The ModelValidatorProviders collection contains 2 elements: {System.Web.Mvc.DataErrorInfoModelValidatorProvider} {System.Web.Mvc.ClientDataTypeModelValidatorProvider}

And it's trying to remove a single instance of:


Which apparently isn't loaded up in the ModelValidationProviders.Providers collection. Any ideas from here?

Resolution to Above Exception And Onto The Next

To resolve the issue in the ModelValidatorProviders I had to manually add an object it was expecting. So now my CreateKernel method looks like:

protected override IKernel CreateKernel()
    var kernel = new StandardKernel();


    GlobalConfiguration.Configuration.ServiceResolver.SetResolver(new NinjectDependencyResolver(kernel));
    ModelValidatorProviders.Providers.Add(new DataAnnotationsModelValidatorProvider());
    FilterProviders.Providers.Add(new FilterAttributeFilterProvider());
    return kernel;

Now it runs and gets into the actual guts of Ninject but still has an issue, one that makes no sense yet again:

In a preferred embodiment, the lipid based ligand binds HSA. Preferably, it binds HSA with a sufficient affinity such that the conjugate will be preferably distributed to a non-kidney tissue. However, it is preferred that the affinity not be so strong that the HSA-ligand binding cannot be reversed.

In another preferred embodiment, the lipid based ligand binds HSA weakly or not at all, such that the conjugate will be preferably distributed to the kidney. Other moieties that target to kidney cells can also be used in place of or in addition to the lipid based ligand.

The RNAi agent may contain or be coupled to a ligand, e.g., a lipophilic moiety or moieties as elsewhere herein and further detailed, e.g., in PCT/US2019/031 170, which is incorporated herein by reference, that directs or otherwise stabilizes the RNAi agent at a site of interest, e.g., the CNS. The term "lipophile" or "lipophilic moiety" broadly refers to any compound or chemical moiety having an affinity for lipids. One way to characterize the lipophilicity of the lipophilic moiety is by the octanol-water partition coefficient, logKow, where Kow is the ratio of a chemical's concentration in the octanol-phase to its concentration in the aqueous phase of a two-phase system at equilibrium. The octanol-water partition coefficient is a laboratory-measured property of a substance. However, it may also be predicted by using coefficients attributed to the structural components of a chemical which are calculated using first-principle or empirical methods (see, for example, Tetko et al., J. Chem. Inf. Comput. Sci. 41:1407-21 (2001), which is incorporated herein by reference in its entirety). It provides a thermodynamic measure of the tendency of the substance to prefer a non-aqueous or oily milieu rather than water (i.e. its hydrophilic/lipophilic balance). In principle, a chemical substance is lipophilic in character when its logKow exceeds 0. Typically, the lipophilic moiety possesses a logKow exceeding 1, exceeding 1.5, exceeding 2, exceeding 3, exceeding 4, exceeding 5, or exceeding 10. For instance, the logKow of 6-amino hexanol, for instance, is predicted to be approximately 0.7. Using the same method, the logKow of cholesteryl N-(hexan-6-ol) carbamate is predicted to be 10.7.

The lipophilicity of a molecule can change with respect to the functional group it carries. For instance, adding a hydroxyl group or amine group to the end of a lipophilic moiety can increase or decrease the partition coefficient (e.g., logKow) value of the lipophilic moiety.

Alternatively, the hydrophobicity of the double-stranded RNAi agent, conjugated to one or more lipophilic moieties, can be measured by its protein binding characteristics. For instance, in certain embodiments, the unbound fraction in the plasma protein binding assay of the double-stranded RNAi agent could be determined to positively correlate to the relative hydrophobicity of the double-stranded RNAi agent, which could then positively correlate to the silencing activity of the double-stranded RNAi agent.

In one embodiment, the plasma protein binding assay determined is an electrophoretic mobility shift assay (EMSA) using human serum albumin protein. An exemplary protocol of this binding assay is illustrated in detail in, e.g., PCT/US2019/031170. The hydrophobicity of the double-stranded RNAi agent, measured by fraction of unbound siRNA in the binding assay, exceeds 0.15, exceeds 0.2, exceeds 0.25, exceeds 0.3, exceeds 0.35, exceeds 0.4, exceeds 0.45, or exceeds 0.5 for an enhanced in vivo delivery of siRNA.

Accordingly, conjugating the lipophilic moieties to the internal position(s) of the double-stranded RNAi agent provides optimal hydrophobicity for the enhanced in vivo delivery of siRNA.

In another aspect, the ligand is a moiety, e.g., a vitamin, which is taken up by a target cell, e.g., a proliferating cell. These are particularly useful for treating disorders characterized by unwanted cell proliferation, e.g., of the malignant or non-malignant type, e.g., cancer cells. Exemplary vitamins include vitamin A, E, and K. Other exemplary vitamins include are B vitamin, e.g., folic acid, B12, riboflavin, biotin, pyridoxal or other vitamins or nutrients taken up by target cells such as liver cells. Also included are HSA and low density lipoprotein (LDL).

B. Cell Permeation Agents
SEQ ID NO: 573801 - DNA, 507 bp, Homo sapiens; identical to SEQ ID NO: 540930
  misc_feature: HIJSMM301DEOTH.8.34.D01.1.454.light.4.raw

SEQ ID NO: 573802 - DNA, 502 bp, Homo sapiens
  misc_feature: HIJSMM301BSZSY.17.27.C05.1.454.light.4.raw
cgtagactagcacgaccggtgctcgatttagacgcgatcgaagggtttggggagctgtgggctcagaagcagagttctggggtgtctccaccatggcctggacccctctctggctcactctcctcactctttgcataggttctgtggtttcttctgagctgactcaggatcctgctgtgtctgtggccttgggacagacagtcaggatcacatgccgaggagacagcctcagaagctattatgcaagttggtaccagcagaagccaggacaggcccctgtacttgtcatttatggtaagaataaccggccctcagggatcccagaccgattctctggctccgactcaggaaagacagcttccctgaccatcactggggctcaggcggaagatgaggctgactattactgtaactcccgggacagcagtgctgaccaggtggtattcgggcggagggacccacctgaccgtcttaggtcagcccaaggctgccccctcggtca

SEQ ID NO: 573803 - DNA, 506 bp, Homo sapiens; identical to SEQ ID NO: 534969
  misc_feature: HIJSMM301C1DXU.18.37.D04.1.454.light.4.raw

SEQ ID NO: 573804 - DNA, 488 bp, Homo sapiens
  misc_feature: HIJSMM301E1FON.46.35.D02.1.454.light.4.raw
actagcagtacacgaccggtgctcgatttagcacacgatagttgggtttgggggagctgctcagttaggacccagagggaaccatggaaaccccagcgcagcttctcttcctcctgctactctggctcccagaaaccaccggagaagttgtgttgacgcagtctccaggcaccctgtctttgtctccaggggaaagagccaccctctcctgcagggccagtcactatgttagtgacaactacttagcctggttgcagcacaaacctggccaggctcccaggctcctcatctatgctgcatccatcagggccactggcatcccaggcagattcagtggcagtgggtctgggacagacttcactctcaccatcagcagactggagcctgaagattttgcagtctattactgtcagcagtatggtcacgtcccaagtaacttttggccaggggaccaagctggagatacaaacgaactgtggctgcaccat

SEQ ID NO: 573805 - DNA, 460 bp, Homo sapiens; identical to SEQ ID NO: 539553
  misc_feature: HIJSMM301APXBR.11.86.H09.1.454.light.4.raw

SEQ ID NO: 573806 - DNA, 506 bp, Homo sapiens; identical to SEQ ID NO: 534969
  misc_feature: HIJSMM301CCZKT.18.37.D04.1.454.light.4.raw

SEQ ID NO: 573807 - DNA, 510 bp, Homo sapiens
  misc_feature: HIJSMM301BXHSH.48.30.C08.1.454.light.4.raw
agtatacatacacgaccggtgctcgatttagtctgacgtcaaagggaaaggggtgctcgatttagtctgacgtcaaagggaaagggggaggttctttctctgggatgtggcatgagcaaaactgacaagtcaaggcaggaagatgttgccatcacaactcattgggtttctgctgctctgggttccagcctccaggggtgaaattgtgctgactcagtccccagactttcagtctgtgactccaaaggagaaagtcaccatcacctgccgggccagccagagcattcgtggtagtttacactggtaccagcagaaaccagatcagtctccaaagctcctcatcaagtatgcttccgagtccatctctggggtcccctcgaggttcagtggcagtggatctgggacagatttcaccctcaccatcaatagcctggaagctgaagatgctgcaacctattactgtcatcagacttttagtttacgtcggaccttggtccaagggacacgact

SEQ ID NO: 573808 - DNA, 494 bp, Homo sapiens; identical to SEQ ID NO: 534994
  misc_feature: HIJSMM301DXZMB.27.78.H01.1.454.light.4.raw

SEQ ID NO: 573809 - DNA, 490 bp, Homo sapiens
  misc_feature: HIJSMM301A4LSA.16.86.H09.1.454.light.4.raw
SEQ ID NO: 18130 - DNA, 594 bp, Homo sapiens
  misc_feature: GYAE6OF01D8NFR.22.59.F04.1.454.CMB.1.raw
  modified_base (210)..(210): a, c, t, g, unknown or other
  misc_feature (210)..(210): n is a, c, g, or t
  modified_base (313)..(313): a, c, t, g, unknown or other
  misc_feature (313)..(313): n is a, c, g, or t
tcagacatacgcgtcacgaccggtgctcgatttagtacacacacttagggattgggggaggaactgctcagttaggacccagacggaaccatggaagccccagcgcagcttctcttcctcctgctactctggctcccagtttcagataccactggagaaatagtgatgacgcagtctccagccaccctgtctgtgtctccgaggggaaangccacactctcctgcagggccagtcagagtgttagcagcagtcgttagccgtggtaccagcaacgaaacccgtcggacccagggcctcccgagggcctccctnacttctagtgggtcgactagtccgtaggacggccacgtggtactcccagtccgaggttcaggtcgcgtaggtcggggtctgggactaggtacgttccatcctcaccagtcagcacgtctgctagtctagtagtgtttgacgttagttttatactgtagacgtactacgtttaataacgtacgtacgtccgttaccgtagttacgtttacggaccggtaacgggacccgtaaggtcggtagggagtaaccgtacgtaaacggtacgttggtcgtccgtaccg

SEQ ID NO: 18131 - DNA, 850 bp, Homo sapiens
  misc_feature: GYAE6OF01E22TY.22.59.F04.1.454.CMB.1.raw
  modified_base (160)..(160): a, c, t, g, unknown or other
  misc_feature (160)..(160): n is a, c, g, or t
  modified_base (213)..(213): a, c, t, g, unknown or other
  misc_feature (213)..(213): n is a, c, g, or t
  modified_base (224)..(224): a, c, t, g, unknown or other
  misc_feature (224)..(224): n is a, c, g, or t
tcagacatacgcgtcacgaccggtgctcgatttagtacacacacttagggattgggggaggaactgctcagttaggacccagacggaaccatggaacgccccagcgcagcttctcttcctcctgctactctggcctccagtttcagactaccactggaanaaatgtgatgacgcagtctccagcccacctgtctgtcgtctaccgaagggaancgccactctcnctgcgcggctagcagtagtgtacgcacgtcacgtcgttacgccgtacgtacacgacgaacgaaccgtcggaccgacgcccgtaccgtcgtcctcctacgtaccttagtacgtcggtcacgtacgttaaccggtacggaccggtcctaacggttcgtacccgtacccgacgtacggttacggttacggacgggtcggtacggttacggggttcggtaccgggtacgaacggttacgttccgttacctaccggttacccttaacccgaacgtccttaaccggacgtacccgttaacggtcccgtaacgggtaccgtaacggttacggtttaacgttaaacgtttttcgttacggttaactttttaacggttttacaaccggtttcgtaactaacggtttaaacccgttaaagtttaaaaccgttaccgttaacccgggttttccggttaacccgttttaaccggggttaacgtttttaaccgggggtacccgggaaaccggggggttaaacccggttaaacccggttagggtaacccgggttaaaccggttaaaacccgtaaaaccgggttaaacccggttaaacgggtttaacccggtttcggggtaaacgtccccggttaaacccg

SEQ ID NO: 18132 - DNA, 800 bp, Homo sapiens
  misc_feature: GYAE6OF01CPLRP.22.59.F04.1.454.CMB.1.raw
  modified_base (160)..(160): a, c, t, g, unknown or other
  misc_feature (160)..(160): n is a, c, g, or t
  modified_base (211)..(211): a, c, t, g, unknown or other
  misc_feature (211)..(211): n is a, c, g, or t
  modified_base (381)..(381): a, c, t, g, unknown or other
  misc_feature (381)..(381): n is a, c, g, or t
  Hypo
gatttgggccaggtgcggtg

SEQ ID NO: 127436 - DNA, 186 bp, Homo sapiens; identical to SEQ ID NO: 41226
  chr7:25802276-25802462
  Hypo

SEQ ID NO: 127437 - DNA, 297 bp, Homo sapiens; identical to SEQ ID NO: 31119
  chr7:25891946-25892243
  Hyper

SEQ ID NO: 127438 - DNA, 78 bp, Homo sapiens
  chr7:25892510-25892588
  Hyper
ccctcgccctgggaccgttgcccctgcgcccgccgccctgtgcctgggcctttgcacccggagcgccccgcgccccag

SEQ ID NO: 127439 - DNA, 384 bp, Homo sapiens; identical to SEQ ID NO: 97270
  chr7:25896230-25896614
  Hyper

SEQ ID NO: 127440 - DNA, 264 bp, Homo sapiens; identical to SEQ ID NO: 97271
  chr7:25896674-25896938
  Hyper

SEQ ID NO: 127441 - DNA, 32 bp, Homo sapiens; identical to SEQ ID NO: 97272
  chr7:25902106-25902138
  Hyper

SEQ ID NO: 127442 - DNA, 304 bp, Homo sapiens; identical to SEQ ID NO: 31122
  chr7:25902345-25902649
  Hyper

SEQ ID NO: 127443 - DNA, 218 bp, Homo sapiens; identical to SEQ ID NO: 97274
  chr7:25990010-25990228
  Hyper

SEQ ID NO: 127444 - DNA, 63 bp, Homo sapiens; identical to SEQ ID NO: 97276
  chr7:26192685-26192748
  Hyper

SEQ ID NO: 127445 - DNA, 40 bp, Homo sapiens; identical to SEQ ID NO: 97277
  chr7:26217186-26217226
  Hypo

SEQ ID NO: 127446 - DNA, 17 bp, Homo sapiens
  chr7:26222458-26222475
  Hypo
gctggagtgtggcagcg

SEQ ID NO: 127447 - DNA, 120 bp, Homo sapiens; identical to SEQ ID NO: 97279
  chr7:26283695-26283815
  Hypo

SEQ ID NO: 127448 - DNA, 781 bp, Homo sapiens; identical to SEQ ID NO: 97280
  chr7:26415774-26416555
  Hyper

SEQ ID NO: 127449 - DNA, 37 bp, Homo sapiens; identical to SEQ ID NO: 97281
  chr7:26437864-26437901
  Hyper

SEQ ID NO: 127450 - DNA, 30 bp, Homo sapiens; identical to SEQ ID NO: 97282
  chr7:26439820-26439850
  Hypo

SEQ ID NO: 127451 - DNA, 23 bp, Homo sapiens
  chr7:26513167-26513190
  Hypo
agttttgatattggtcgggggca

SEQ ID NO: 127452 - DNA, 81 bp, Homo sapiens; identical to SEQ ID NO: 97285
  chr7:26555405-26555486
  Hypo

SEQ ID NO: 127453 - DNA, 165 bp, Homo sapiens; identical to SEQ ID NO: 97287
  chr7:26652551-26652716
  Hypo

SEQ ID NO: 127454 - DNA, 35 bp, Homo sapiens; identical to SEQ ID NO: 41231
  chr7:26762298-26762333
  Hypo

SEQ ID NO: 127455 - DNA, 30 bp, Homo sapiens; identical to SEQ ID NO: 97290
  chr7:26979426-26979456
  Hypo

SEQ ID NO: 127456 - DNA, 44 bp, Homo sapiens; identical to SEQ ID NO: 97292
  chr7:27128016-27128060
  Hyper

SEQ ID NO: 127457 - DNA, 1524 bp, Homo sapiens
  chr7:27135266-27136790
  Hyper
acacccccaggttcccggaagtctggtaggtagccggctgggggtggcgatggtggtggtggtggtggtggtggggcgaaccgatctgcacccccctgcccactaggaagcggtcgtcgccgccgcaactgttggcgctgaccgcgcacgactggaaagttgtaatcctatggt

Exception Details: Ninject.ActivationException: Error activating IntPtr
No matching bindings are available, and the type is not self-bindable.
Activation path:
 3) Injection of dependency IntPtr into parameter method of constructor of type Func{IKernel}
 2) Injection of dependency Func{IKernel} into parameter lazyKernel of constructor of type HttpApplicationInitializationHttpModule
 1) Request for IHttpModule

 1) Ensure that you have defined a binding for IntPtr.
 2) If the binding was defined in a module, ensure that the module has been loaded into the kernel.
 3) Ensure you have not accidentally created more than one kernel.
 4) If you are using constructor arguments, ensure that the parameter name matches the constructors parameter name.
 5) If you are using automatic module loading, ensure the search path and filters are correct.